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Playcalling Review: South Carolina Edition

Let’s not kid ourselves, last night’s game with South Carolina would either make or break UK’s season. A loss would have made Kentucky’s bowl hopes as realistic as me marrying Sofia Vergara and put extra pressure on the current staff desperate for positive results. A win would quiet the outside noise and propel UK towards a scenario where it could have its first winning season in seven years.

All week long the program, particularly Head Coach Mark Stoops, was the center of negative rumors. But, all that was put to bed with the Cats third-straight win over the Gamecocks in a hard-fought and physical 17-10 rock fight. This is the first time since 1957-59 UK defeated a team not named Vanderbilt that many times in consecutive seasons. It was a HUGE win that kept Kentucky’s season afloat. So, let’s see how the Cats took care of business.

Going into the game, I figured UK’s gameplan would mirror that of a Nick Marshall attack that Auburn employed on its way to a National Championship Runner-Up season in 2014. Meaning Run-Pass-Options, zone reads, and seldom drop back passes would be the formula for success. After all coming into Saturday, RPO’s and zone reads accounted for about a third of UK’s plays and about 25% of its offensive yardage. But, it was UK’s power game that won them the game, and I was pleasantly surprised how effective it was.

UK still used its RPO packages, but most had power run wrinkles that had previously not existed. A good number of them asked the backside guard to pull when instead of the line following a straight zone blocking scheme. This wasn’t the case on every play, but it was apparent Gran wanted his line to be physical and win at the point of contact against SCar’s front seven.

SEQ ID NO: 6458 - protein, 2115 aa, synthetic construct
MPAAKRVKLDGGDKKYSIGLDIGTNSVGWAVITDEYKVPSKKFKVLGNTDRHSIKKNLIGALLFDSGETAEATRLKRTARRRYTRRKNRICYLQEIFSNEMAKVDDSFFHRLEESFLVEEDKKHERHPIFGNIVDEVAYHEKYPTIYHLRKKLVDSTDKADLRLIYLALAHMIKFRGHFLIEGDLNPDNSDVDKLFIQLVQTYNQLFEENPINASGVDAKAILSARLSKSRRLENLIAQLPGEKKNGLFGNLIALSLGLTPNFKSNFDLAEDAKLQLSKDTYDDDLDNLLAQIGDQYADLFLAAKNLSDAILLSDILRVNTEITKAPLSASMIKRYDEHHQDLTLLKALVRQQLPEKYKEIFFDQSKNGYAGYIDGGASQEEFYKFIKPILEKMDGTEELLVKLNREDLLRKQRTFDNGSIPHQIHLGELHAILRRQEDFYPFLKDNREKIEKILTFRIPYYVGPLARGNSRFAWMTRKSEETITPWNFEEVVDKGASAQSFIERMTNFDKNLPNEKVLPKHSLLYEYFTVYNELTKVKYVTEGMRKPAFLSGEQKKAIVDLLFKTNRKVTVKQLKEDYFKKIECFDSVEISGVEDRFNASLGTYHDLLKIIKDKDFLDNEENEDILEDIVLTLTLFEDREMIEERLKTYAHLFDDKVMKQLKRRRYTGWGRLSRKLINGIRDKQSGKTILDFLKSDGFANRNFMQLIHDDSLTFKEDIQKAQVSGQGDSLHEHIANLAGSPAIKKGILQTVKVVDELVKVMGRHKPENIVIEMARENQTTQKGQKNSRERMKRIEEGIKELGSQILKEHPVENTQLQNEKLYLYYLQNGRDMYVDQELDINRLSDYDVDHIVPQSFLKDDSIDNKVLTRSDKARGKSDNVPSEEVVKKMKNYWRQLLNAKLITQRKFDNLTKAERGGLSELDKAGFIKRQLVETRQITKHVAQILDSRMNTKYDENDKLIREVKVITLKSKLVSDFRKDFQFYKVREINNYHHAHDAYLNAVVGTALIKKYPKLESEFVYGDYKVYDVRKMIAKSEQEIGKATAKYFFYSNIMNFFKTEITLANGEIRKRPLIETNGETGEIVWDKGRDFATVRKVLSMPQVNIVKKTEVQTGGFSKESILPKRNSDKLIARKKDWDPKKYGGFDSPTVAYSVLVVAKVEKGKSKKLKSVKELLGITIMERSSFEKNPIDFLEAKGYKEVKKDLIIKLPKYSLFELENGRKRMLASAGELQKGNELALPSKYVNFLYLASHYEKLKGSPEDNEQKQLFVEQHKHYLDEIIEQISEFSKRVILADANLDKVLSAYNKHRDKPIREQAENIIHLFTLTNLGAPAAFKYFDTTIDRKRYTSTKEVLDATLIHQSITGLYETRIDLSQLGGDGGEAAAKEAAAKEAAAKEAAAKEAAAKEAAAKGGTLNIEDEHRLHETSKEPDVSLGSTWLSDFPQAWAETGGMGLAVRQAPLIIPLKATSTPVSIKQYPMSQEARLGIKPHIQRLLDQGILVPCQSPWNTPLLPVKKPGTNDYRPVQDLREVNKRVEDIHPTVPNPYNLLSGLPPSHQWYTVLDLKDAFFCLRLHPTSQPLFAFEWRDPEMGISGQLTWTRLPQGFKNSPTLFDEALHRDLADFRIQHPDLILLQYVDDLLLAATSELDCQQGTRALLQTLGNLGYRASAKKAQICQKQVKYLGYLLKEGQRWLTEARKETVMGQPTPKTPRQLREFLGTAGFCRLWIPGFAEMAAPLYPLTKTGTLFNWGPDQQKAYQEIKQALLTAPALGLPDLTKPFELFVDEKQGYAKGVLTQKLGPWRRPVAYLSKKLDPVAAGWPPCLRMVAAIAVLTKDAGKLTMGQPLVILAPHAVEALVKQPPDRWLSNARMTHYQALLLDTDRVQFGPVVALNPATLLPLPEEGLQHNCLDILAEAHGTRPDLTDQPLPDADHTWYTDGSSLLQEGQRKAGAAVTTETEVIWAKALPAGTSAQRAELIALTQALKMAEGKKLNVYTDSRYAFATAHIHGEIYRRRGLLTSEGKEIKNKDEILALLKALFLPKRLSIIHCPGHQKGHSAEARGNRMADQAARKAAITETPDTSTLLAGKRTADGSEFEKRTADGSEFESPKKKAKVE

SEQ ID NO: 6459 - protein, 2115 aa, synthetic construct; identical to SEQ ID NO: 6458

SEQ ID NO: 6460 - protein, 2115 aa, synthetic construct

Though a fumble stymied Kentucky’s first drive near midfield, UK quickly established its run game during the 1Q averaging 6.1/rush during that span, but had difficulty maintaining drives when forced to air it out.

Gran calls really tried to limit “obvious passing situations”, which could be considered 2 and 8+ and 3rd-and-long to the laymen. In those situations, UK didn’t call anything discernibly crazy and stuck with simple concepts; the results were mixed.

Stephen Johnson is an effective mobile threat but is very suspect passing from the pocket at this point in his career. When his primary read was not there, SJ immediately looked to scramble instead of finish his progressions. Though he started 7-7 for 62 yards, he ended 4-12 for 73 yards and an INT with two fumbles (though both were recovered).  Gran sprinkled in a few rollouts and play actions passes to aid his JUCO transfer’s downfield vision and play to his strengths. Though he made a handful of impressive throws, he is still far from a polished passer.

UK wasn’t able to do much in the 2Q. Though it got a field goal minutes into it, the Cats only totaled 30 yards on 12 plays before the failed hook-and-ladder attempt right before the half.